TE AKA MATUA O TE TURE
The Treaty Making Process
Reform and the Role of Parliament
Wellington, New Zealand
The Law Commission is an independent, publicly funded, central advisory body established by statute to undertake the systematic review, reform and development of the law of New Zealand. Its purpose is to help achieve law that is just, principled, and accessible, and that reflects the heritage and aspirations of the peoples of New Zealand.
The Commissioners are:
The Honourable Justice Baragwanath – President
Joanne Morris obe
Judge Margaret Lee
Denese Henare onzm
Timothy Brewer ed
The Director of the Law Commission is Robert Buchanan
The office is at 89 The Terrace, Wellington
Postal address: PO Box 2590, Wellington 6001, New Zealand
Document Exchange Number: sp 23534
Telephone: (04) 473–3453, Facsimile: (04) 471–0959
Report/Law Commission, Wellington, 1997
issn 0113–2334 isbn 1–877187–17–8
This report may be cited as: nzlc r45
Also published as Parliamentary Paper E 31AG
19 December 1997
I am pleased to submit to you Report 45 of the Law Commission, The Treaty Making Process: Reform and the Role of Parliament. This is the Commission’s second report directly on matters pertaining to New Zealand’s international obligations.
Interest in the treaty making process has grown within New Zealand with recognition that the issues are of major public importance, affecting not only our foreign relations and trade but much of our domestic law and economy. The Commission is aware of the many sectors who participate or maintain an interest in the treaty making process and has canvassed opinion across a wide range so as to include all issues in this report. The responses have been numerous and substantial, reinforcing the importance of the issues and demonstrating the depth of knowledge and experience in this sphere that New Zealand enjoys.
Treaty making is in truth a major element of our lawmaking process – of increasing importance as globalisation burgeons – with which our constitutional arrangements have not kept pace. We have attempted to identify the significant factors and suggest means of striking a new balance among them. In view of the topicality of this matter, as well as offering three main and two subsidiary recommendations for change, the Commission has sought to present much of the information received as a public resource.
We trust that this report will assist members of Parliament and public with both broad background information and focused direction for development of the treaty making process.
The Hon Justice Baragwanath
The Hon Douglas Graham MP
Minister of Justice
The Treaty Making Process: Reform and the Role of Parliament (nzlc r45 1997) continues the Law Commission’s work in public law. It forms part of the International Obligations Project which aims to improve the awareness of international law in New Zealand, including New Zealand’s international rights and obligations and the means by which these are created.
This report builds on the material gathered in the earlier Commission report, A New Zealand Guide to International Law and its Sources (nzlc r34 1996). That document provides useful background information for this publication – in particular Part 1 covers: What is a treaty? How are treaties negotiated and agreed to? How are treaties given effect to at the international level? The character of the relationships under treaties; The implementation of treaties through national legislation; and The implementation of treaties through the courts.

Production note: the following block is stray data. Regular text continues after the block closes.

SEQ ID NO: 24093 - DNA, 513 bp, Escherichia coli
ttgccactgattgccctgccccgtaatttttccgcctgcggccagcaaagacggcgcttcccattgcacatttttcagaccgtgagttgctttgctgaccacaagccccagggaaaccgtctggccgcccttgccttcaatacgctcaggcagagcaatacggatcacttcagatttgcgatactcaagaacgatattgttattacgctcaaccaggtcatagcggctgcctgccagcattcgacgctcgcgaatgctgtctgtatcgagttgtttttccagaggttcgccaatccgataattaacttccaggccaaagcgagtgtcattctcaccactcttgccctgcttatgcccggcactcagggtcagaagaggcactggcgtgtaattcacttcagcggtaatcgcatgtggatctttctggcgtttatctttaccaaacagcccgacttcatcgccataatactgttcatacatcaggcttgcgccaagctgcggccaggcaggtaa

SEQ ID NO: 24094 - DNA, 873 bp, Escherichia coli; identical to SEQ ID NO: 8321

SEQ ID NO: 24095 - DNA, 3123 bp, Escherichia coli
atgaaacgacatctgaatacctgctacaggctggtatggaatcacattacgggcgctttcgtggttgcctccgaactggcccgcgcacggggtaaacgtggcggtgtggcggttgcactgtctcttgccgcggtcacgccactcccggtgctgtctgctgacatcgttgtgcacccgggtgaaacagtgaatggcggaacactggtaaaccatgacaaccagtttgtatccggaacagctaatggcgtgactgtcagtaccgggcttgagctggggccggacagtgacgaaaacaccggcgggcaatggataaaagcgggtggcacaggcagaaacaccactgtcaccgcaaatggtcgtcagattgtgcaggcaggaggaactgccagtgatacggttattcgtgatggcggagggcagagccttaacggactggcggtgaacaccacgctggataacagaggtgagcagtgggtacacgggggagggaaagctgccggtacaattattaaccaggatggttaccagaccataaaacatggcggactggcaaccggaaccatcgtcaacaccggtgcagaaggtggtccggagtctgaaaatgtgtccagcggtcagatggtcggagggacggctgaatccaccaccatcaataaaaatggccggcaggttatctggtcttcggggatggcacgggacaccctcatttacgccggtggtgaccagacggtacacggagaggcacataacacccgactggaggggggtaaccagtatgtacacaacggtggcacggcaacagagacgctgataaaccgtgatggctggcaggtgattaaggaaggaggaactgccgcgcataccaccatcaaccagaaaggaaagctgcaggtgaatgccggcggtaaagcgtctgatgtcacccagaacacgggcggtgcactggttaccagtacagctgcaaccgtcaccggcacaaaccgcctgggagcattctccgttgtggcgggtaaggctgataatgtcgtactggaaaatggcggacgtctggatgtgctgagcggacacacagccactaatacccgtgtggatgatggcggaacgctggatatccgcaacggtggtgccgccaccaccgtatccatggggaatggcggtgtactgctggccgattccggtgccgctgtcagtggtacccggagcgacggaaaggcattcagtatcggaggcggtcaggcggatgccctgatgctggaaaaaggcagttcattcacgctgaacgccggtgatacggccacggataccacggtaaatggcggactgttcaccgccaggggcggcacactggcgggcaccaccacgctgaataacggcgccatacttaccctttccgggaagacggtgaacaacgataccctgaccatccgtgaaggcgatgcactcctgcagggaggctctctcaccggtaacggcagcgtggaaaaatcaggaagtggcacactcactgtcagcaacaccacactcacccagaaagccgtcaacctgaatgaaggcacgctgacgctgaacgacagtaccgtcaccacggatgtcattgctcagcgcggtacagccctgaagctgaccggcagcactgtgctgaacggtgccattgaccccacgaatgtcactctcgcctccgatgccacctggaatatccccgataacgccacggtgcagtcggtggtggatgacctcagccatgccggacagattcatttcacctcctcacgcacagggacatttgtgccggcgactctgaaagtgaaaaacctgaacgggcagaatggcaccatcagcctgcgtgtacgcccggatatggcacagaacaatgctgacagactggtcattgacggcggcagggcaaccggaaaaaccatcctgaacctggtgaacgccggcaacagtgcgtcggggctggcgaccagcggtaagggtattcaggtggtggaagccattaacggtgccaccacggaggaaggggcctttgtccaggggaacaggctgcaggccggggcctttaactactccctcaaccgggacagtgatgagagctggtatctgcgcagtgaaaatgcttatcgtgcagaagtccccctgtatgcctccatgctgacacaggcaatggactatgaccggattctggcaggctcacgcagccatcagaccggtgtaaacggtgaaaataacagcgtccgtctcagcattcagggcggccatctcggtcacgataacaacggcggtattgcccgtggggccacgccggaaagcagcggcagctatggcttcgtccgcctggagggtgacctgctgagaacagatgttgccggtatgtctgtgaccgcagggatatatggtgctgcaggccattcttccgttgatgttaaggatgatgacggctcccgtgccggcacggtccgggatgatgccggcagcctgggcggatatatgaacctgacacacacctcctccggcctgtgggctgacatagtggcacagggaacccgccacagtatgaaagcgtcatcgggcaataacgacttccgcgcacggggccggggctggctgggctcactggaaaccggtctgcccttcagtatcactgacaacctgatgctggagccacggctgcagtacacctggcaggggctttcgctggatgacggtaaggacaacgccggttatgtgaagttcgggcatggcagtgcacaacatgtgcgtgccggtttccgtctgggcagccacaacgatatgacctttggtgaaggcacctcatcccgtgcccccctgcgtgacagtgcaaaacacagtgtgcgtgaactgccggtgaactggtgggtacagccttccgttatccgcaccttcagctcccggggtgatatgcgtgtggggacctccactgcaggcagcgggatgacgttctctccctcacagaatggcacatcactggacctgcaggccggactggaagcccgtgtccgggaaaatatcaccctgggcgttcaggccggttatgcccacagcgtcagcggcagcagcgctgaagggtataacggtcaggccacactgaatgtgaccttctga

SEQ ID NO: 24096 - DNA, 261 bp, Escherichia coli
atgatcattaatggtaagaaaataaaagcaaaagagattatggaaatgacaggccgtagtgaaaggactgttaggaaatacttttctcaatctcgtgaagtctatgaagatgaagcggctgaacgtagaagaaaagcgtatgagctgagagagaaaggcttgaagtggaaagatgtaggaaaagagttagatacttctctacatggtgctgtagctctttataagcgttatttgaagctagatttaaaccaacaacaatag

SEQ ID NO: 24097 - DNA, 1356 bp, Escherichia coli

In 1993 the Law Commission first circulated a draft report, The Making, Acceptance and Implementation of Treaties: Three Issues for Consideration, written for the Commission by its then President, Sir Kenneth Keith. The responses to the draft report’s proposals were in the main supportive. In 1997 the Foreign Affairs, Defence and Trade Select Committee asked the Commission to make a submission on its Proposed Inquiry into the Role of Parliament in the Implementation of Treaties. This report builds upon and finalises the material contained in that draft report and submission. It also conforms with the Law Commission’s statutory responsibility under s 5(b) and s 5(d) of the Law Commission Act 1985 to recommend development of the law of New Zealand and, importantly, to make it as understandable and accessible as is practicable.
In the preparation of this report the Commission is indebted to the following people for their valuable assistance and perceptive comments: Hon Justice Sir Kenneth Keith, Court of Appeal; Mr Don MacKay, Deputy Secretary of the Ministry of Foreign Affairs and Trade; Mr David McGee, Clerk of the House of Representatives; Sir Geoffrey Palmer, Chen & Palmer; Mr FA Small, former Director of Legal Division, Ministry of Foreign Affairs and Trade (Retired); Mr Alan Bracegirdle, Office of the Clerk of the House of Representatives; Mr Mark Gobbi, Ministry of Justice; Ms Carolyn Coll-Bassett, lawyer (on leave), Ministry of Foreign Affairs and Trade; Associate Professor Scott Davidson, University of Canterbury; Mr John Dawson, Senior Lecturer, University of Otago; Mr Terence O’Brien, Centre for Strategic Studies, Victoria University of Wellington; Ms Janet McLean, Director, Public Law Institute, Victoria University of Wellington; Ms Melissa Poole, Senior Lecturer, Victoria University of Wellington; Professor Mike Taggart, University of Auckland; Mr Paul Rishworth, Lecturer, University of Auckland. The Commission also acknowledges the work of Diana Pickard, a legal researcher who completed much of the research and drafting of the report.